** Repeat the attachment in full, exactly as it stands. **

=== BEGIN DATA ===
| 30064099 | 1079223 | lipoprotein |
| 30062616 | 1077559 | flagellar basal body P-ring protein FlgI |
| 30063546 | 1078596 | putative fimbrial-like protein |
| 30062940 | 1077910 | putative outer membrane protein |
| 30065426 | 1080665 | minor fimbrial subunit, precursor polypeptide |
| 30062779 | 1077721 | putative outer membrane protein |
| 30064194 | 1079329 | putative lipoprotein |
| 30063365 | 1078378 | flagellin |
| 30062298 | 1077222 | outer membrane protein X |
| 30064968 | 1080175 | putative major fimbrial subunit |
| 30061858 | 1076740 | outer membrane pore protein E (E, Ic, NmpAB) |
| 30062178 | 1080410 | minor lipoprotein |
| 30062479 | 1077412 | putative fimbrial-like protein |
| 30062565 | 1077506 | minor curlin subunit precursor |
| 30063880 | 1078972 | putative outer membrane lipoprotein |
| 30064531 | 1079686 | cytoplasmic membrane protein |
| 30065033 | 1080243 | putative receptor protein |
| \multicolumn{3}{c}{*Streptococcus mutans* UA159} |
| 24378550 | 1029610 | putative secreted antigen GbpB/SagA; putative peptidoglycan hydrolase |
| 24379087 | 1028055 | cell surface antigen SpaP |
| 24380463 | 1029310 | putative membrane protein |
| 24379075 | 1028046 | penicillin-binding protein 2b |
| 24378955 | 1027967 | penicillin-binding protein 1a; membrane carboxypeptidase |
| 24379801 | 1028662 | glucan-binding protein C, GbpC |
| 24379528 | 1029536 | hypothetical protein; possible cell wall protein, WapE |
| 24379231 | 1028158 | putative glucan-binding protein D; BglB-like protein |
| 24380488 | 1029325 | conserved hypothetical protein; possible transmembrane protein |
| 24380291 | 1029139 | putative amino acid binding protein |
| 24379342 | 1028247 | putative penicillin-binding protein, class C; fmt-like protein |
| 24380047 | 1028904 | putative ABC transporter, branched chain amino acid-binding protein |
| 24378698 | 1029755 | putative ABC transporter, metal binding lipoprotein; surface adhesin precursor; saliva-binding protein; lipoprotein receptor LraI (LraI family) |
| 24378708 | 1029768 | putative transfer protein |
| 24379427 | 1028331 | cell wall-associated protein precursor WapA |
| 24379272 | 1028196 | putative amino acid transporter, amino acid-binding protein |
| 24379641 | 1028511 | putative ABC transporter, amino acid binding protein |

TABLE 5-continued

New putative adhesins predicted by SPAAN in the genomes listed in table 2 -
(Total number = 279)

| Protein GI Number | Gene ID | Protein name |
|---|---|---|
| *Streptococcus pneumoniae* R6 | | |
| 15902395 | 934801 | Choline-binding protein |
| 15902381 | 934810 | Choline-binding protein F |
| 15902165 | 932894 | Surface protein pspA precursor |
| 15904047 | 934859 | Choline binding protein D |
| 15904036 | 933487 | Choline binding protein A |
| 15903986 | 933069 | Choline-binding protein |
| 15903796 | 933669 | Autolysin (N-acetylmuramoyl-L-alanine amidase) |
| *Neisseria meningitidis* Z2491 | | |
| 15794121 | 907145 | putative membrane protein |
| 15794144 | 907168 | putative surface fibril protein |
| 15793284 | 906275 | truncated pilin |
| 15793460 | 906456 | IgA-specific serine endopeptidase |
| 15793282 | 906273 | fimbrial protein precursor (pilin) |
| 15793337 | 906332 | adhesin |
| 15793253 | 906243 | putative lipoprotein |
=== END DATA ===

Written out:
| 30064099 | 1079223 | lipoprotein |
| 30062616 | 1077559 | flagellar basal body P-ring protein FlgI |
| 30063546 | 1078596 | putative fimbrial-like protein |
| 30062940 | 1077910 | putative outer membrane protein |
| 30065426 | 1080665 | minor fimbrial subunit, precursor polypeptide |
| 30062779 | 1077721 | putative outer membrane protein |
| 30064194 | 1079329 | putative lipoprotein |
| 30063365 | 1078378 | flagellin |
| 30062298 | 1077222 | outer membrane protein X |
| 30064968 | 1080175 | putative major fimbrial subunit |
| 30061858 | 1076740 | outer membrane pore protein E (E, Ic, NmpAB) |
| 30062178 | 1080410 | minor lipoprotein |
| 30062479 | 1077412 | putative fimbrial-like protein |
| 30062565 | 1077506 | minor curlin subunit precursor |
| 30063880 | 1078972 | putative outer membrane lipoprotein |
| 30064531 | 1079686 | cytoplasmic membrane protein |
| 30065033 | 1080243 | putative receptor protein |
| \multicolumn{3}{c}{*Streptococcus mutans* UA159} |
| 24378550 | 1029610 | putative secreted antigen GbpB/SagA; putative peptidoglycan hydrolase |
| 24379087 | 1028055 | cell surface antigen SpaP |
| 24380463 | 1029310 | putative membrane protein |
| 24379075 | 1028046 | penicillin-binding protein 2b |
| 24378955 | 1027967 | penicillin-binding protein 1a; membrane carboxypeptidase |
| 24379801 | 1028662 | glucan-binding protein C, GbpC |
| 24379528 | 1029536 | hypothetical protein; possible cell wall protein, WapE |
| 24379231 | 1028158 | putative glucan-binding protein D; BglB-like protein |
| 24380488 | 1029325 | conserved hypothetical protein; possible transmembrane protein |
| 24380291 | 1029139 | putative amino acid binding protein |
| 24379342 | 1028247 | putative penicillin-binding protein, class C; fmt-like protein |
| 24380047 | 1028904 | putative ABC transporter, branched chain amino acid-binding protein |
| 24378698 | 1029755 | putative ABC transporter, metal binding lipoprotein; surface adhesin precursor; saliva-binding protein; lipoprotein receptor LraI (LraI family) |
| 24378708 | 1029768 | putative transfer protein |
| 24379427 | 1028331 | cell wall-associated protein precursor WapA |
| 24379272 | 1028196 | putative amino acid transporter, amino acid-binding protein |
| 24379641 | 1028511 | putative ABC transporter, amino acid binding protein |

TABLE 5-continued

New putative adhesins predicted by SPAAN in the genomes listed in table 2 -
(Total number = 279)

| Protein GI Number | Gene ID | Protein name |
|---|---|---|
| *Streptococcus pneumoniae* R6 | | |
| 15902395 | 934801 | Choline-binding protein |
| 15902381 | 934810 | Choline-binding protein F |
| 15902165 | 932894 | Surface protein pspA precursor |
| 15904047 | 934859 | Choline binding protein D |
| 15904036 | 933487 | Choline binding protein A |
| 15903986 | 933069 | Choline-binding protein |
| 15903796 | 933669 | Autolysin (N-acetylmuramoyl-L-alanine amidase) |
| *Neisseria meningitidis* Z2491 | | |
| 15794121 | 907145 | putative membrane protein |
| 15794144 | 907168 | putative surface fibril protein |
| 15793284 | 906275 | truncated pilin |
| 15793460 | 906456 | IgA-specific serine endopeptidase |
| 15793282 | 906273 | fimbrial protein precursor (pilin) |
| 15793337 | 906332 | adhesin |
| 15793253 | 906243 | putative lipoprotein |